Last week, the U.S. Federal Trade Commission (FTC) issued a statement clarifying its policy on native advertising, particularly those advertisements it defines as "deceptively formatted" to mislead consumers.
Publishers have increasingly come to rely on native advertising—that is, advertisements designed to look and feel similar to a platform's editorial content—as a source of revenue as audiences continue to adopt ad-blocking and other behaviors aimed at achieving an ad-limited experience.
"People browsing the web, using social media, or watching videos have a right to know if they're seeing editorial content or an ad," said Jessica Rich, director of the FTC's Bureau of Consumer Protection, in a statement.
Arguing that—like any other form of advertising—native advertisements should be identifiable as such to consumers, the FTC laid out the elements it said determine whether an ad is being "materially misleading" about its commercial nature, primarily by citing previous applicable policy decisions in other forms of media.
Advertisements that appear in a "news format" or that "otherwise misrepresent their source or nature," specifically, those lacking a clear and readily noticeable "ADVERTISEMENT" disclosure label, can be easily seen as deceptive and in violation of FTC policy, the statement said.
The statement references one recent case in which the FTC found a native advertising format in which consumers accessed "fake news websites" by clicking on ads "presented as attention-getting news headlines" to be deceptive despite the presence of a small-print "Advertorial" label.
Not just labeling and disclosures, but delivery method, target audience and overall appearance are all factors that can determine whether or not an advertisement is deceptive, the FTC said.
The second discouraged form of advertising described in the FTC statement involves the solicitation of consumers in order to sell goods or services without clearly disclosing the purpose. While this does not appear directly related to native advertising, the FTC does go on to describe how such a policy applies to e-mail marketing.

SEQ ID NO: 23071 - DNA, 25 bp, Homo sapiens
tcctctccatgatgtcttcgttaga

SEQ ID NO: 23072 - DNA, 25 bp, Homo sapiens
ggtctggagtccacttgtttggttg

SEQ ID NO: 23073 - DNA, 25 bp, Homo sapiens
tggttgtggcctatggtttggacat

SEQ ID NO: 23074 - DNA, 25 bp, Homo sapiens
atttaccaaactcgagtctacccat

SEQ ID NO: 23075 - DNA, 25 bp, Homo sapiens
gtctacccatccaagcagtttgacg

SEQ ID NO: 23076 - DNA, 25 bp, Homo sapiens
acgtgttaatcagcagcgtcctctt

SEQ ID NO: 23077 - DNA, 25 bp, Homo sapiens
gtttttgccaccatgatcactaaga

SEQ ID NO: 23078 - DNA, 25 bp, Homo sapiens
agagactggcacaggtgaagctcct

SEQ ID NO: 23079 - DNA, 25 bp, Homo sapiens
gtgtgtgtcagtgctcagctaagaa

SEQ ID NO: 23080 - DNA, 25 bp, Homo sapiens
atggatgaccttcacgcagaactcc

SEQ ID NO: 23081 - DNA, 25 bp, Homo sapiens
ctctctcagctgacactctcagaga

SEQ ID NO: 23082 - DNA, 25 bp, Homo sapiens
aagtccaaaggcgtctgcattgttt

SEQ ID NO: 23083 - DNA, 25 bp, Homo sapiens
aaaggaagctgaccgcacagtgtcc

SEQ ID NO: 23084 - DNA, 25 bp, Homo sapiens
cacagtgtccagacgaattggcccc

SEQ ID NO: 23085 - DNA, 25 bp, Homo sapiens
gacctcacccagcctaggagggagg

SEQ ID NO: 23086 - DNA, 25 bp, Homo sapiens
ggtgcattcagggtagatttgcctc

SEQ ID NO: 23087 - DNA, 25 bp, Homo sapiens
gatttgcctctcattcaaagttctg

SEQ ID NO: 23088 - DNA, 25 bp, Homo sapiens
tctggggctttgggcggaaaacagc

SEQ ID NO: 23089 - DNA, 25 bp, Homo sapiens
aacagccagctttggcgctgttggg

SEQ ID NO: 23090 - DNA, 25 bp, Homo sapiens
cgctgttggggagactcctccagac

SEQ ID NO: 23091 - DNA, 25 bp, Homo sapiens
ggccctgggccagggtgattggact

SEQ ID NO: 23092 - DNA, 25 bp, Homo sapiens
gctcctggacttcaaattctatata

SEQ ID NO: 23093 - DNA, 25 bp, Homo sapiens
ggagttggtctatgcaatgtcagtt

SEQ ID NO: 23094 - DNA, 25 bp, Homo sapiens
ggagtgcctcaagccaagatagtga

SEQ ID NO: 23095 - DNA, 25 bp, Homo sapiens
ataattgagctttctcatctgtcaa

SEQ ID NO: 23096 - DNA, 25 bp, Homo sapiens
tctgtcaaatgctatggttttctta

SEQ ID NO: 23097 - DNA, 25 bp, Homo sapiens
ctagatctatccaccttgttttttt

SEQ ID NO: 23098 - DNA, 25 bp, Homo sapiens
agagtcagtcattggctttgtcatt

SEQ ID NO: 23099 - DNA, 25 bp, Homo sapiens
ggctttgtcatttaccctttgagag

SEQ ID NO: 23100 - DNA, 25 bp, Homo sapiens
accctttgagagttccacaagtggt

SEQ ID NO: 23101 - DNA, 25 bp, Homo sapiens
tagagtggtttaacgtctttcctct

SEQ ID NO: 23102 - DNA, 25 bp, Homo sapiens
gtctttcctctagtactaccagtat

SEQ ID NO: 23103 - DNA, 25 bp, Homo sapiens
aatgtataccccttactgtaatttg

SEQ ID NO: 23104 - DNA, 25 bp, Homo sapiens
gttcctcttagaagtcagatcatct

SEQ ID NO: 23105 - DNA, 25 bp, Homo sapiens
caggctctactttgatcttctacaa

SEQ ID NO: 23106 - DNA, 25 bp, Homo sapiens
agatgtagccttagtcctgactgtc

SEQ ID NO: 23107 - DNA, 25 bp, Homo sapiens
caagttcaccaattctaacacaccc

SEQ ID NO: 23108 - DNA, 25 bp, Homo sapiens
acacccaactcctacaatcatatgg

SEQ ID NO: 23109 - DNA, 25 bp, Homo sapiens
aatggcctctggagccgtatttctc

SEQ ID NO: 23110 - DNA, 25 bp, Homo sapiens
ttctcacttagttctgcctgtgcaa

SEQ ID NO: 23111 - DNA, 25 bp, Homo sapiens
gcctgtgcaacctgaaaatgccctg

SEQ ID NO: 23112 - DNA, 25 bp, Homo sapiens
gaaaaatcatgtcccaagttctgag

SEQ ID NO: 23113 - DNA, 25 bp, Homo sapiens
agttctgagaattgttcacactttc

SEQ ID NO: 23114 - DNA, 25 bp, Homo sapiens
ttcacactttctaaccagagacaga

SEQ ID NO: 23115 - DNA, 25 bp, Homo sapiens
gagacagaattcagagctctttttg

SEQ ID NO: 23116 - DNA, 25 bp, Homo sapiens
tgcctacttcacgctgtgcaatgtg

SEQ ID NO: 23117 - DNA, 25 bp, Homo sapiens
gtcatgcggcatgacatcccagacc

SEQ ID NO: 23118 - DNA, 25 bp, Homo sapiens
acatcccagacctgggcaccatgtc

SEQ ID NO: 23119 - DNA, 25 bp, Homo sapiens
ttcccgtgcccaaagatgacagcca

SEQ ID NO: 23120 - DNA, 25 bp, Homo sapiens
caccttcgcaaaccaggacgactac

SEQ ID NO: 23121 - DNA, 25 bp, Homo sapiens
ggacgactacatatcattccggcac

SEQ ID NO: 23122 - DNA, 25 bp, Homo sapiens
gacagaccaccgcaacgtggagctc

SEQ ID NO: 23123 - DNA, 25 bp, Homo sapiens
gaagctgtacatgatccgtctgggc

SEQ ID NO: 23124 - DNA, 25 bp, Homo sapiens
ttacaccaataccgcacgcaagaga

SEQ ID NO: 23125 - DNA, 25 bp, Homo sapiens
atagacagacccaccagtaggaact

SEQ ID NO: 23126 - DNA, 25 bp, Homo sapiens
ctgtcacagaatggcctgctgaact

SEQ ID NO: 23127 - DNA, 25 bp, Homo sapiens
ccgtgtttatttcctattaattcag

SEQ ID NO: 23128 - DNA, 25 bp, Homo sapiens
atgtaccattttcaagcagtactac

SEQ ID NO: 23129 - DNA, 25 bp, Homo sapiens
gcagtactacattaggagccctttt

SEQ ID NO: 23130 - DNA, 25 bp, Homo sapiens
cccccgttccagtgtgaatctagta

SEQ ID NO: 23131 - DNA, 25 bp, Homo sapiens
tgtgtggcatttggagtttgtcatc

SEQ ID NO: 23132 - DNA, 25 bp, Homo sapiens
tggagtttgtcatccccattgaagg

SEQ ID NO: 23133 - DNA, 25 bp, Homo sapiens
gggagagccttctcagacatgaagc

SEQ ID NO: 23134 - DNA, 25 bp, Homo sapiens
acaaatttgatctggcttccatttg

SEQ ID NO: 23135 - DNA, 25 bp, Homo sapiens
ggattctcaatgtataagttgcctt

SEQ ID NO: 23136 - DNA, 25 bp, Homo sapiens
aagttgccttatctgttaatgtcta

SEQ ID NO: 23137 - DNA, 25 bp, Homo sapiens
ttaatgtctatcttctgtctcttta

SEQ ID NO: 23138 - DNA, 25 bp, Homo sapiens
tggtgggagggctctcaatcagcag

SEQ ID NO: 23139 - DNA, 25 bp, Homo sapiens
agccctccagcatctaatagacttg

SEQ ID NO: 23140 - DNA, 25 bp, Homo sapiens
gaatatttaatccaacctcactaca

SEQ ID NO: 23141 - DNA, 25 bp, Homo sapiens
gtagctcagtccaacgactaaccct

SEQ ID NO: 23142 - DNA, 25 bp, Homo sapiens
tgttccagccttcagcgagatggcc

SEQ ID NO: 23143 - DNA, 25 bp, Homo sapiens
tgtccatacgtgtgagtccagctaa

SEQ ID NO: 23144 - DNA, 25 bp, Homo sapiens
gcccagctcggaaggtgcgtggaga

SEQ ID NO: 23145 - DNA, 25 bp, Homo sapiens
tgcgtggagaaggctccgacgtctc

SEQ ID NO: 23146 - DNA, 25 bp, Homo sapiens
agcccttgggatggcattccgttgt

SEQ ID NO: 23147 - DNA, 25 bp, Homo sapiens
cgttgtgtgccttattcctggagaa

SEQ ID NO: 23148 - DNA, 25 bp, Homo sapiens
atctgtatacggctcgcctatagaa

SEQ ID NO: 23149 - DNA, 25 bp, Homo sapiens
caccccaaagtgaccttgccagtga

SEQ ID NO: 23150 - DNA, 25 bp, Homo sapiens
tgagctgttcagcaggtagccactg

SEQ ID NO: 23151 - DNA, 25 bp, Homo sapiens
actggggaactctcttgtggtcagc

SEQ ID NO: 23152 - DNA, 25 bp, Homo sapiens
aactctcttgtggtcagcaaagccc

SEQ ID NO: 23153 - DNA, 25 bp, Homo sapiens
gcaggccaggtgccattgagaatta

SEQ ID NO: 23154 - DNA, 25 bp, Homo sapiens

Finally, the FTC statement warned that all paid endorsements must be accompanied by a clear disclosure of the connection between the endorser and the seller of the product or service.
"If the source of advertising is clear, consumers can make informed decisions about whether to interact with the advertising and the weight to give the information conveyed in the ad," the FTC statement said.
In response to the announcement, the Interactive Advertising Bureau (IAB) released its own statement, praising the FTC's overall effort to provide industry guidance but questioning the ambiguity of the policy, citing concerns that it could run against long-standing advertising conventions and violate constitutional provisions protecting commercial speech.
"While guidance serves great benefit to the industry, it must also be technically feasible, creatively relevant, and not stifle innovation," said Brad Weltman, IAB's VP of public policy. "To that end, we have reservations about some elements of the Commision's Guidance. In particular, the section on 'clarity of meaning' in native advertising disclosures is overly prescriptive, especially absent any compelling evidence to justify some terms over others."
Accompanying the policy statement, the FTC released a guide designed to help businesses comply with its native advertising policy. One interesting note in the "Clarity of Meaning" subsection reveals that the FTC discourages publishers from using terms such as "promoted" or "promoted stories," saying their meanings are ambiguous.
"We take the Commission's final note to be a sign that enforcement in the native advertising space is not far behind this announcement," Weltman continued.
The IAB said its Native Advertising Task Force will convene with its Public Policy Council on January 5 to discuss the FTC announcement and provide formal comments.